Should you audition your choir members?

When you start a choir there are many decisions to make: What type of music will you sing? When will you meet? How much will rehearsals cost? What venue will you use? In addition to these things, you need to decide what you will expect from singers in terms of vocal experience and ability and whether you will audition your new members before you let them join the choir. There’s no right or wrong answer to this question. What’s right for one choir may not be for another. In this article I look at some of the questions you might ask yourself when considering this issue.

1.What is the purpose of your choir?

Embarking on a new choir project is exciting and no doubt your mind will be busy with lots of ideas. When deciding whether or not to audition members, it is important that you consider the ‘why’. Ask yourself why you want to start the choir in the first place and what you want to achieve. If the answer is to create a community-based group that brings people together to share an enjoyment of singing and make new friends within the local area, then an ‘open to all’ policy is probably best. If however, you aim is to create a choir that performs a specific style of music, or which will compete, then you might want to consider holding auditions. Having a vision for your choir is important, so start as you mean to go on.

2. How big will you choir be?

This can be an unknown quantity in the beginning as you need to build your reputation, spread the word and attract new members. All kinds of things can affect the size of your choir. Your venue may be restricted to a certain capacity, you may want a smaller group to make it easier for you to perform in a range of venues or you may feel ‘the more the merrier’.

Don’t forget that auditioning takes time. If you want to have a small choir, it will be fairly easy to find the time to conduct auditions. If, however, you want to build a larger choir, you’ll need to factor in the time and cost of conducting ongoing auditions.

3. What will you expect from your singers?

If you decide to run an unauditioned choir, diversity in musical ability is part and parcel of your choir’s ethos, and some would say half the fun. Over time, you’ll see singers develop. Those with more experience and confidence will help others around them. It’s incredibly rewarding to see new, nervous singers blossom into confident performers.

If you decide to audition your choir, it’s reasonable to have more expectations of your singers. You may want a particular level of music-reading or sight-reading ability. Obviously, you have to balance your wishes and expectations with the demographic of the area in which you’re basing your choir.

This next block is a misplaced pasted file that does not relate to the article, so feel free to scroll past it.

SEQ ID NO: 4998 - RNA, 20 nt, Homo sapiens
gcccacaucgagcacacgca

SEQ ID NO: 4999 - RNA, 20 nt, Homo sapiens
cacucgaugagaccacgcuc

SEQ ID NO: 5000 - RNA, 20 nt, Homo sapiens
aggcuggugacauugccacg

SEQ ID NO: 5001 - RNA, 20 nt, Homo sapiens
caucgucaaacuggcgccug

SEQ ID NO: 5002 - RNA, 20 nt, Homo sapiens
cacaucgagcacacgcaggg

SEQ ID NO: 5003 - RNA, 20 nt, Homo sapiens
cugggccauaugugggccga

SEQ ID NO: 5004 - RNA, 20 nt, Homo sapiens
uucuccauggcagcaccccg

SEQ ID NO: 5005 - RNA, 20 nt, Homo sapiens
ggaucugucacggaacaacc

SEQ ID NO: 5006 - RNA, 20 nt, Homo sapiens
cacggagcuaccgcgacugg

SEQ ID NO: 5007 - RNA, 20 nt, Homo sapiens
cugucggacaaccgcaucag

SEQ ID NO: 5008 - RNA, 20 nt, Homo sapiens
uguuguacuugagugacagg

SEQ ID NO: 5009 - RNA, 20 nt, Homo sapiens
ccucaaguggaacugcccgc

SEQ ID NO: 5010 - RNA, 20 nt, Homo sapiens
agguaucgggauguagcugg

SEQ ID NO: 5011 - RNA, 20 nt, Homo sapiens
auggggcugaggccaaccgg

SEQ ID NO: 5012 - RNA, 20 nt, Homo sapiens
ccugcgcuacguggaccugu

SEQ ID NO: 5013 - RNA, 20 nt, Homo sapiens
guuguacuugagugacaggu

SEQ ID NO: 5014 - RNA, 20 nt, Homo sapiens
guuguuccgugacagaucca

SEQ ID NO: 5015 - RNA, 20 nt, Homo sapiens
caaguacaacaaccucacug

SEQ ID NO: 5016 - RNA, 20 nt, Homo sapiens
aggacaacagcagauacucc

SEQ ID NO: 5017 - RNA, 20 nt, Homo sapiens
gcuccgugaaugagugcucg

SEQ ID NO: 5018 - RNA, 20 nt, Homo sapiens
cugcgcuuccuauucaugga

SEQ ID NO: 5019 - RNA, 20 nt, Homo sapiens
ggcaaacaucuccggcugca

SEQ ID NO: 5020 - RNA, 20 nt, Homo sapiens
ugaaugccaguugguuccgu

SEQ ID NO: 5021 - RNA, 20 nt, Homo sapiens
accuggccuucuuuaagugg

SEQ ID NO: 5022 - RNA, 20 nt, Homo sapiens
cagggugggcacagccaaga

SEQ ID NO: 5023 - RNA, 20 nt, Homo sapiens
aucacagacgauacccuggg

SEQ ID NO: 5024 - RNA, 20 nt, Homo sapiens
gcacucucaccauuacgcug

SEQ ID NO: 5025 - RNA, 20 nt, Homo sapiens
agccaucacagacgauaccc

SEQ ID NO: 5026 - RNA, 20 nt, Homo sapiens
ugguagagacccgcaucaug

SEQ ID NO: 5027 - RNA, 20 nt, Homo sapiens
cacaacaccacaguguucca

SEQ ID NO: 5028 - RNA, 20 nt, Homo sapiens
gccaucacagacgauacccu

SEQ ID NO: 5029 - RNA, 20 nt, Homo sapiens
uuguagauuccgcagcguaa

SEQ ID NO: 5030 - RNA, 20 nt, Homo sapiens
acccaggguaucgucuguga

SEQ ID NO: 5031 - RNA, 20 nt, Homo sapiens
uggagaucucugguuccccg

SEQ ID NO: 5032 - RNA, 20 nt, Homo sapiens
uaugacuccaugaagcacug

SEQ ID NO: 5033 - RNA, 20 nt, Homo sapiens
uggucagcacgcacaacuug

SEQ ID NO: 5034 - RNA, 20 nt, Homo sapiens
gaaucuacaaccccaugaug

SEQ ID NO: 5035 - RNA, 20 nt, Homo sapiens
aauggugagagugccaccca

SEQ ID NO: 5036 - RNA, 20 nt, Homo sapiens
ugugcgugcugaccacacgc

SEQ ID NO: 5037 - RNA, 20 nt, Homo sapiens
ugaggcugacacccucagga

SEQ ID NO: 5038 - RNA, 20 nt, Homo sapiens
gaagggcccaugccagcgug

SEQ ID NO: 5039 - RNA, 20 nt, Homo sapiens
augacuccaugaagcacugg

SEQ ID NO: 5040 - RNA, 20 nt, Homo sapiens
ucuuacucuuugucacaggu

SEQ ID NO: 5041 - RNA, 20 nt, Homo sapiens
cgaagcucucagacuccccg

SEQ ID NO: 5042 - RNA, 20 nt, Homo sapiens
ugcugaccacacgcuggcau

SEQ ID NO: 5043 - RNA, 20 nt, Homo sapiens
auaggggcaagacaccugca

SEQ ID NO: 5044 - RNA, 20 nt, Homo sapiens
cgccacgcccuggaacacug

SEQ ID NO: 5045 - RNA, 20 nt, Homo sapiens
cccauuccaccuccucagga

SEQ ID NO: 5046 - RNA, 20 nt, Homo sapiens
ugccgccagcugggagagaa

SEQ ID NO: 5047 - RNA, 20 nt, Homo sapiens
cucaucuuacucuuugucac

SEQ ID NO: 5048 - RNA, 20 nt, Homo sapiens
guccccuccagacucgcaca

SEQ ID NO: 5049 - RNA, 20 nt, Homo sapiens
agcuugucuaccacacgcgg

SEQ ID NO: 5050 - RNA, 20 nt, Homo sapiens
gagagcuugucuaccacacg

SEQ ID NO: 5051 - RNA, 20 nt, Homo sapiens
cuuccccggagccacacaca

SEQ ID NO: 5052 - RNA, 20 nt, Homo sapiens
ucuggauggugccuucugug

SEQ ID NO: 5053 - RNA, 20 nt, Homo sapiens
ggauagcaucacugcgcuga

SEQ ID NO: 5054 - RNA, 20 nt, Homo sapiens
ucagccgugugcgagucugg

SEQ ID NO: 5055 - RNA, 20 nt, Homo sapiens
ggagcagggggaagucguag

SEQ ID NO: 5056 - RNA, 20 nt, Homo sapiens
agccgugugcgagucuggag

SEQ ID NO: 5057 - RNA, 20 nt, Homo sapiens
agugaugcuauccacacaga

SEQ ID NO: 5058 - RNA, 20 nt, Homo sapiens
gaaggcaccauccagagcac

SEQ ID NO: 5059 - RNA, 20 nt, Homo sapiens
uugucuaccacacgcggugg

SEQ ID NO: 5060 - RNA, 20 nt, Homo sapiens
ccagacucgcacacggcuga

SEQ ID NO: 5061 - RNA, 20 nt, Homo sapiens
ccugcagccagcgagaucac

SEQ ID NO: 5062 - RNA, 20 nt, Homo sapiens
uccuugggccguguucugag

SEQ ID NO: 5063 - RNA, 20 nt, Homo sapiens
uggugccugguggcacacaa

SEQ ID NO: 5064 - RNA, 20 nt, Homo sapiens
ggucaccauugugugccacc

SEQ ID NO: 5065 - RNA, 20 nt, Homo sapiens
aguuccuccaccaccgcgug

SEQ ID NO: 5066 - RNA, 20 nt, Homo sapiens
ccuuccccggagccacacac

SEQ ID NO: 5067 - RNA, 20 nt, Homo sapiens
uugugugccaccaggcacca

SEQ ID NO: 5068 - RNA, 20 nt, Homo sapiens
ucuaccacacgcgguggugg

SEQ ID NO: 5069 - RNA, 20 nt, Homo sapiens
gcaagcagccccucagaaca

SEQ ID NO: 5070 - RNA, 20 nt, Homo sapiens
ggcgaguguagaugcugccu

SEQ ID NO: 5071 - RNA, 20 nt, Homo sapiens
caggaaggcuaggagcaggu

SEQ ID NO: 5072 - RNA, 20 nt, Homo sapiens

4. Are you prepared to prepared to turn people down?

If you conduct auditions, it’s almost inevitable that at some point, someone will audition who doesn’t make the grade. It’s not pleasant for either auditioner or auditionee, but if you go down that road, you have to be prepared to say ‘no’. If you don’t think that’s for you, then an un-auditioned choir that’s open to all may be a better fit for you.

Comments on Should you audition your choir members?

  1. Avatar Moch Burton says:

    Thank you so much for the insight, i really appreciate.

    Best wishes

    1. Christine Mulgrew Christine Mulgrew says:

      Thanks Moch, you’re very welcome.

  2. Avatar samuel says:

    A big thanks to you for the post of ths week.

    For the past two months when I was appointed the new leader of my church choir, so many issues about auditioning has gone through my mind.

    For now what I have decided to do is to take the choir throuigh series of training on sight reading,ear tuning and other few things; the auditioning comes after now so that anyone who cannot fit in base on the training they have undergone will drop.
    Please what is view on that?
    Thanks so much and God almighy bless you real good in jesus name.

    1. Christine Mulgrew Christine Mulgrew says:

      Hi Samuel,

      Thanks for your email, as with many choir related issues there’s not necessarily a wrong or right answer. In some ways I think having a coaching session before an audition may help those who might have been too nervous to audition otherwise. On the other hand those who do the training and love it but then get rejected may feel quite downhearted. I suppose the imporatant thing is that you make it very clear that attending the training sessions does not automatically lead to a place in the choir.

      As you run a church choir which presumably performs at a range of services within that church, I think auditioning members is probably a good idea as the level of singing commitment required may prove hard for inexperienced singers.

      I wish you all the best.

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